In a Texas divorce case, property acquired during the marriage is presumed to be community property. A spouse claiming property is their separate property must show that it is separate by clear and convincing evidence. Separate property is generally property that is owned before the marriage, property that the spouse acquired as a gift or inheritance, or property recovered as damages in a personal injury case. Community property is generally property acquired after the marriage that is not characterized as separate property.
In a recent case, a wife challenged the court’s characterization of certain property as the husband’s separate property. The wife filed for divorce. The parties agreed they had married in India in 1976, but disagreed on the date they stopped living together as husband and wife.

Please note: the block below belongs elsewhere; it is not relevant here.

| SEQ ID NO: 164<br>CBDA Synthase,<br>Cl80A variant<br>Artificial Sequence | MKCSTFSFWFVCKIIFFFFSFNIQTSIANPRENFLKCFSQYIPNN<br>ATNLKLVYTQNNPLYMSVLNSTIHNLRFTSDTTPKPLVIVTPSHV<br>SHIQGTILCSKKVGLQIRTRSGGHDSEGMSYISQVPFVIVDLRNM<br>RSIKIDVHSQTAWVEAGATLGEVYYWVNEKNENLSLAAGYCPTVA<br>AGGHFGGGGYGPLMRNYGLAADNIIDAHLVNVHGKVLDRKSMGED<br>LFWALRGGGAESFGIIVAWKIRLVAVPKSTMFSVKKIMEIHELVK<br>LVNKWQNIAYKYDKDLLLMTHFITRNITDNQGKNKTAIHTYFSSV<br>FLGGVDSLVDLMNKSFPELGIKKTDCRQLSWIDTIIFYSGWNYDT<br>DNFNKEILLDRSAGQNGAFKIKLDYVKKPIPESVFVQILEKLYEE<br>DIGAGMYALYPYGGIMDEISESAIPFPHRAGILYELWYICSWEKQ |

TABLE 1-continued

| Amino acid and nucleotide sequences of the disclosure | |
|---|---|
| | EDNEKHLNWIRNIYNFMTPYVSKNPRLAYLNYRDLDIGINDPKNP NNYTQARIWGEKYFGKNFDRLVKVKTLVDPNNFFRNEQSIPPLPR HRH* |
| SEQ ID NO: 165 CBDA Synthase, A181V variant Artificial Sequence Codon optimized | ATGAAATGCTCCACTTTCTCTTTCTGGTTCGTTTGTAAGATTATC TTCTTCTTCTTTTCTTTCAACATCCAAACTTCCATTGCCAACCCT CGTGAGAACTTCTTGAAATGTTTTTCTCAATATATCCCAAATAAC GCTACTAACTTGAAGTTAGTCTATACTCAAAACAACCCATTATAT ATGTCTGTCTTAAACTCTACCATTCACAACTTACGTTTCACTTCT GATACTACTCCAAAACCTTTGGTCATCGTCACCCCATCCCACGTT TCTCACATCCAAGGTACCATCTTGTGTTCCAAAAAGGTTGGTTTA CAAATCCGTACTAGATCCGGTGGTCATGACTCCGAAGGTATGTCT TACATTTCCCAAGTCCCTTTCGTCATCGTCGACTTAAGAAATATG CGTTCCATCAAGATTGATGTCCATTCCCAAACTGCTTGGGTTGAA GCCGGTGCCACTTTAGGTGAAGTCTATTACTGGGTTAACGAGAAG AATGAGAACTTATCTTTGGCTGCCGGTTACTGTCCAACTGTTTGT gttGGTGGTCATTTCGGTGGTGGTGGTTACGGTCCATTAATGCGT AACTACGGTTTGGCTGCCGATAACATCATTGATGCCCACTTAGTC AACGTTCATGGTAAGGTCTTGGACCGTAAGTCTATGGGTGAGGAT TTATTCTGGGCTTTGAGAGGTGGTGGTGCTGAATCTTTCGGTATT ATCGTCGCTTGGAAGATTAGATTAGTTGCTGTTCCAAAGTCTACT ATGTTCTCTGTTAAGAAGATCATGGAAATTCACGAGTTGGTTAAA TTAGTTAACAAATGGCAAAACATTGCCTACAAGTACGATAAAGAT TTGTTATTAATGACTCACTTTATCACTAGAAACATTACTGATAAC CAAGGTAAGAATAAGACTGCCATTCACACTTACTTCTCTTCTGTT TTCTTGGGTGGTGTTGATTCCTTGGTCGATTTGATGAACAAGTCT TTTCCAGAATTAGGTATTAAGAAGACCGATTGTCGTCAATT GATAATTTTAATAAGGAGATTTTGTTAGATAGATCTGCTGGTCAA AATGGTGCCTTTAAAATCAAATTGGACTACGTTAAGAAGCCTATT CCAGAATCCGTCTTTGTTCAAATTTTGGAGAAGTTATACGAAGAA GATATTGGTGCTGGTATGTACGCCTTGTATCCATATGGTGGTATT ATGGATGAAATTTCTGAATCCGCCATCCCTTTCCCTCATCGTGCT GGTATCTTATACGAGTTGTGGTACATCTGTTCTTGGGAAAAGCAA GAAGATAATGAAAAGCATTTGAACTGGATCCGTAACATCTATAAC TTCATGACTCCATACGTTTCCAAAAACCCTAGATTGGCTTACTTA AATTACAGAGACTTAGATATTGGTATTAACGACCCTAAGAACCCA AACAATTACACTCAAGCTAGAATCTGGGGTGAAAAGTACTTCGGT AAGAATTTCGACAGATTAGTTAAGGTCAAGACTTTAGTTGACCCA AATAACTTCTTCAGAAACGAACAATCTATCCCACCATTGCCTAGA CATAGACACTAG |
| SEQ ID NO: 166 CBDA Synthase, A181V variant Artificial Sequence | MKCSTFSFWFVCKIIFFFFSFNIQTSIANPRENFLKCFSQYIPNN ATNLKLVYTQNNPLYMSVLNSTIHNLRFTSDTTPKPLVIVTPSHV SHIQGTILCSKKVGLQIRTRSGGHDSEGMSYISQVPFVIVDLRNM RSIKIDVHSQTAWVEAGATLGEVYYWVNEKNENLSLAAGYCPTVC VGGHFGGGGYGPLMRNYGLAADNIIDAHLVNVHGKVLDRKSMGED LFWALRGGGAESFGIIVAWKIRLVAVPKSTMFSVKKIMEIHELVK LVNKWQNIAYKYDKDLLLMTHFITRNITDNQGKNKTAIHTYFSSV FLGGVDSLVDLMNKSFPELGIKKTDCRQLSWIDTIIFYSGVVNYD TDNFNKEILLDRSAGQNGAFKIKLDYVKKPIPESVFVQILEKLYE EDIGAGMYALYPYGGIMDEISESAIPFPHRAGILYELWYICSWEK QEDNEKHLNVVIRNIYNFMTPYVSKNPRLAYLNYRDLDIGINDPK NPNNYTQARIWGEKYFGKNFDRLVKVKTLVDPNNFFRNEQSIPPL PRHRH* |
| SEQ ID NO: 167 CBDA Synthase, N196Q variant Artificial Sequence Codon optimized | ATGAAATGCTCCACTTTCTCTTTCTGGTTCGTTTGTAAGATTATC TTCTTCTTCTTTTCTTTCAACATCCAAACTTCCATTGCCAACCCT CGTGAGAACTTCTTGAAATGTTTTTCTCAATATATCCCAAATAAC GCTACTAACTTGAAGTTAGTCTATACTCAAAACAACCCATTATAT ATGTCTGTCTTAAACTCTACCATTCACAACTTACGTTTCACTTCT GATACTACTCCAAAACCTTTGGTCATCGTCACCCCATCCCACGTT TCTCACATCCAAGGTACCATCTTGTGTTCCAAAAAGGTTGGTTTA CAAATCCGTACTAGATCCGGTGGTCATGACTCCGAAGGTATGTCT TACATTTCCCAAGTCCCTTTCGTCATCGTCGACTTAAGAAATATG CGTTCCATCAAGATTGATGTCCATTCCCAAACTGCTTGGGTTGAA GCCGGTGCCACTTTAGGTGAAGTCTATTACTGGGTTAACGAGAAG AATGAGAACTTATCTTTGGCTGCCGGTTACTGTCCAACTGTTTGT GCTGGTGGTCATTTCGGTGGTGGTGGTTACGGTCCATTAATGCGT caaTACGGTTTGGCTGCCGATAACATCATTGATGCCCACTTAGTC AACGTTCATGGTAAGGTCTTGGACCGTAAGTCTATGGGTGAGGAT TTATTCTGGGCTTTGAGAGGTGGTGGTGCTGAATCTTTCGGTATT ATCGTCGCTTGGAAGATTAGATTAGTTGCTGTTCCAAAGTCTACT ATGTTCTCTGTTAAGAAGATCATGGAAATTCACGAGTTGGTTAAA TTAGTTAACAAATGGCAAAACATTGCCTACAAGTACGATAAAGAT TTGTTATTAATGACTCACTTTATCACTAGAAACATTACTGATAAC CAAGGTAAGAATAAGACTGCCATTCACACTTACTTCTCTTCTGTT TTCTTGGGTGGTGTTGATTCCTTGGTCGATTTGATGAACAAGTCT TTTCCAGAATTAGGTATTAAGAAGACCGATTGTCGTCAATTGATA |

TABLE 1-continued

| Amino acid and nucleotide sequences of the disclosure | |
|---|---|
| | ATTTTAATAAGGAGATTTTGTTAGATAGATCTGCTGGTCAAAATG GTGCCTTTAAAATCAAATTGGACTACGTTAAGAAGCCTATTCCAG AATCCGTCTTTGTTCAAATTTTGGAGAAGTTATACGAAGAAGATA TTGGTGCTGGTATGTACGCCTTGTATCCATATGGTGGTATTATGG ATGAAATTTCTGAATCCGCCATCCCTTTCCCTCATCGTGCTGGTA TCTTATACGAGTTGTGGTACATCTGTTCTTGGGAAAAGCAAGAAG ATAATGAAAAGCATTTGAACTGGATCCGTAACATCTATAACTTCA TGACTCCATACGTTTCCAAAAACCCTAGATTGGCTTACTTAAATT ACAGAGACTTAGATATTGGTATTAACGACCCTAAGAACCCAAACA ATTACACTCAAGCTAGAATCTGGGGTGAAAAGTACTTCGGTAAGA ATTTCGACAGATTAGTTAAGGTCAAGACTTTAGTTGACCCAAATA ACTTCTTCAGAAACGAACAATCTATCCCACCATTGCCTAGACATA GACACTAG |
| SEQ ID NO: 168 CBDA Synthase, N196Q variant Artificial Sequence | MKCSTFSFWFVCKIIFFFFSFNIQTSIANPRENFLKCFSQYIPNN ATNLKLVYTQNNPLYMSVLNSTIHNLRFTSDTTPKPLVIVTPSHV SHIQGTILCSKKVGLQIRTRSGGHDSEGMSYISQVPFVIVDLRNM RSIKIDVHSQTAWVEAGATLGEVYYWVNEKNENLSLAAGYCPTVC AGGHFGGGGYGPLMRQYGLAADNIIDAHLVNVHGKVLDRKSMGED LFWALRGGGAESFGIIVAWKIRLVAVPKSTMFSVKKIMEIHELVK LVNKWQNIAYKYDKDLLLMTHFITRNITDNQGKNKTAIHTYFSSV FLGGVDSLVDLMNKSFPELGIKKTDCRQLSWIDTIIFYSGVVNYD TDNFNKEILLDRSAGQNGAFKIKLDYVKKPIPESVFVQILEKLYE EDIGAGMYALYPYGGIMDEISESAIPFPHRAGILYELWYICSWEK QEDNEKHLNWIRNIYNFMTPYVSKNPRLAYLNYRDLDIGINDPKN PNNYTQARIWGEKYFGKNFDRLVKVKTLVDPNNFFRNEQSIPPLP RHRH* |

Husband and Wife Enter into Settlement – But Leave One Issue for Trial
The case went to trial, but, before trial, the parties entered into a Mediated Settlement Agreement (“MSA”). In the MSA, the parties agreed their community property located in India would be divided by Indian courts. The parties agreed to the characterization and division of everything except two pieces of land in India, referred to as the “Fifteen-Cent” property and the “One-and-a-half-Acres” property. The MSA stated they would “defer to characterization and confirmation of separate property” of those two parcels to the trial court.